The first great thing about the Canadian, who settled in England early on, is his sound. It’s smooth and flowing, without becoming so mellow that everything turns into late-night music. The second is his composing. He writes elegant, often lengthy tunes that never lose momentum. Oddly enough, AM lists a bunch of lounge albums under his name (he’s not on them). Pity that the essential album Music for Large and Small Ensembles isn’t there. Some of PG’s other recommendations also aren’t available.
PG reckons Keith Jarrett doesn't sound happy on Gnu High, but he doesn't put a damper on a graceful, lovely set. Six for Six isn’t in Penguin Guide, but I’m sure it would’ve scored well. It’s intelligent music that rewards close attention. And as you can see by the dates, Wheeler has been consistently good. There are more albums, but these are my keepers.
Joe Wilder (trumpet)
Wilder ‘n’ Wilder (1956), The Pretty Sound (1958/59), Alone With Just My Dreams (1991)
It might seem a bit feeble to describe a player’s sound as “beautiful”, but there is no better word when it comes to Joe Wilder. He was classically trained and wanted to be in a symphonic orchestra, but turned to jazz because “the opportunities for black musicians in the concert field were nil,” as he said in an interview.
He was happy to be sideman in a number of bands and recorded only a handful of albums under his own name – in the ‘50s and again in the ‘90s. The older albums are quiet and stately, the later ones have a melancholy air. His graceful version of "Cherokee", which opens Wild ‘n’ Wilder, tells you all you need to know.
Barney Wilen (sax)
Jazz Sur Seine (1958), Movie Themes From France (1990)
The unusual thing on the Frenchman’s top album is that Milt Jackson gets out from behind his vibraphone to play piano. The main attraction, though, is the sweet sound Barney gets out of (mostly) tenor, alto and baritone saxes.
Curiously, he switched to free playing and jazz rock later and then reverted to the mainstream again. The movie themes album is a quiet treat thanks to the familiar tunes, but also because of the thoughtful backing he gets from the Mal Waldron trio. There's lots of breathing space and time for licks to sink in.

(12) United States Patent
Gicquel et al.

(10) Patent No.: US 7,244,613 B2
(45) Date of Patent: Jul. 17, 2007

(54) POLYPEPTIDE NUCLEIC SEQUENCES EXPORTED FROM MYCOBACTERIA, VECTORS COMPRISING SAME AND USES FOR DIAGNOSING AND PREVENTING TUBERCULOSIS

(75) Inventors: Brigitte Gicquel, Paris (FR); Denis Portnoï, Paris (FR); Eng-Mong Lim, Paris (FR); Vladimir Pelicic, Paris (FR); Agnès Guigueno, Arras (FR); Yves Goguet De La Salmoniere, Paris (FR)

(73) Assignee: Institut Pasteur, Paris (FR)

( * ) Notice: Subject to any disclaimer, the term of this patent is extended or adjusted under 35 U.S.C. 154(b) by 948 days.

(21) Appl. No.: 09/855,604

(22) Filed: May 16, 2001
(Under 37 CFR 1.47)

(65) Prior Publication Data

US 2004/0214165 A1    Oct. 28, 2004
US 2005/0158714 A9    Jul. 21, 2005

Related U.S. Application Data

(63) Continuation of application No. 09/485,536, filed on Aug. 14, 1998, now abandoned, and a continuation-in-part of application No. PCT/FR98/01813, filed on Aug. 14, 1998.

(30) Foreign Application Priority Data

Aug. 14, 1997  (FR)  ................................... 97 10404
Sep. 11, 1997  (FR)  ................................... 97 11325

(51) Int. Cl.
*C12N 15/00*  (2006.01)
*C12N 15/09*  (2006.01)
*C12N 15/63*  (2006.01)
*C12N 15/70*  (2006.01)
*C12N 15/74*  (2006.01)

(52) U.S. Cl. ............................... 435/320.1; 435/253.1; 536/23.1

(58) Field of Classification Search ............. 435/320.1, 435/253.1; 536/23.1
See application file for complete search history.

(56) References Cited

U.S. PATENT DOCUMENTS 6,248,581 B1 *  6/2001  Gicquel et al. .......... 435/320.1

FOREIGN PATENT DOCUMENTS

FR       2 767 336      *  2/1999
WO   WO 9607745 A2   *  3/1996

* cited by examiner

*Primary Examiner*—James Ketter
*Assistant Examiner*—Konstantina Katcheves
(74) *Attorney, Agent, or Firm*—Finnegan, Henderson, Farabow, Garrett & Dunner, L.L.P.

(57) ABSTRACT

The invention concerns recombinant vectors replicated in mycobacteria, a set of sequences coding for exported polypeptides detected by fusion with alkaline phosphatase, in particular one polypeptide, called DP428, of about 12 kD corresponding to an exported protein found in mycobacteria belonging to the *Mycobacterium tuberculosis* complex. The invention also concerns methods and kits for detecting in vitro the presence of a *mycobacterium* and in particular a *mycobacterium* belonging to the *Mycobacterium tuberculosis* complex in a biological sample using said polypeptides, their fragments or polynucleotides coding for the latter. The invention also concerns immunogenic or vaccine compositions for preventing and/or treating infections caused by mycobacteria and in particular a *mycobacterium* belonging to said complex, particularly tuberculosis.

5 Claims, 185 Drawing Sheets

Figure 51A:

Probably not a classic and possibly too placid for some, but it goes down particularly well after a long day.
Mary Lou Williams (piano)
Complete Jazz Series 1953-54, London (1953), Mary Lou’s Mass (1969-72), Free Spirits (1975), Live at the Cookery (1976)
Duke Ellington called her “perpetually contemporary”. No matter which way jazz changed, Williams was never going to be left behind as a player or a composer. You have to hear her play her favourite "Surrey With a Fringe on Top", which she also does on this sophisticated set from her later years. The religious works like Mary Lou’s Mass and Black Christ of the Andes are a bit of their time (dated by the vocals), but contain forceful playing and classy arrangements. They don’t ram the message home, either.
Finding the best of her earlier work is tricky because of all the re-releases and compilations. Complete Jazz Series is recommended by PG – it comes from what she told the authors was a “very dark” time in her life, but the music is strong and lively. AM also has London, which offers slightly better sound.
I enjoy her the most when she swings hard and really punches the keys. For more of that, I’ll keep browsing.
Phil Woods (alto, soprano saxophone, clarinet)
Altology: Complete Quintet & Sextet Sessions 1956-1957
People who aren’t wild about Woods say he gets all his ideas from bebop and Charlie Parker, or complain that he picks speed over substance. Hardly seems fair when you listen to this compilation of three albums he made with Gene Quill, also on alto sax. They combine very well and make smooth, swinging jazz best heard while stretching out on your favourite couch.
Apple Music has quite a selection, but not so much the top-rated albums and nothing quite as attractive as the sound of the two darting altos on this set.
Bojan Z (piano)
Quartet (1993), Solobsession (2000)
His full surname is Zulfikarpasic with at two punctuations on top. He was born in Belgrade and you might hear, as some do, Balkan folk dance in his music. The solo album was “boiled down from hours of playing,” says Penguin Guide (whatever that means). Overdosing on Keith Jarrett solo almost killed this sort of thing for me, but Bojan offers spirited jazz with strong rhythms and not a moment’s self-indulgence, even when he plucks at the strings and taps the piano’s woodwork.
Kicking off with a quirky waltz, the older quartet album shows Bojan can play nicely with other kids, creating generous space for solos by the other three. It is a genuinely exciting album, full of surprises. On later outings, Bojan often plays synths and adds rock elements like a thunderous lead guitar. This is normally not my thing, but he's the kind of artist you follow everywhere to see where his inventiveness takes him.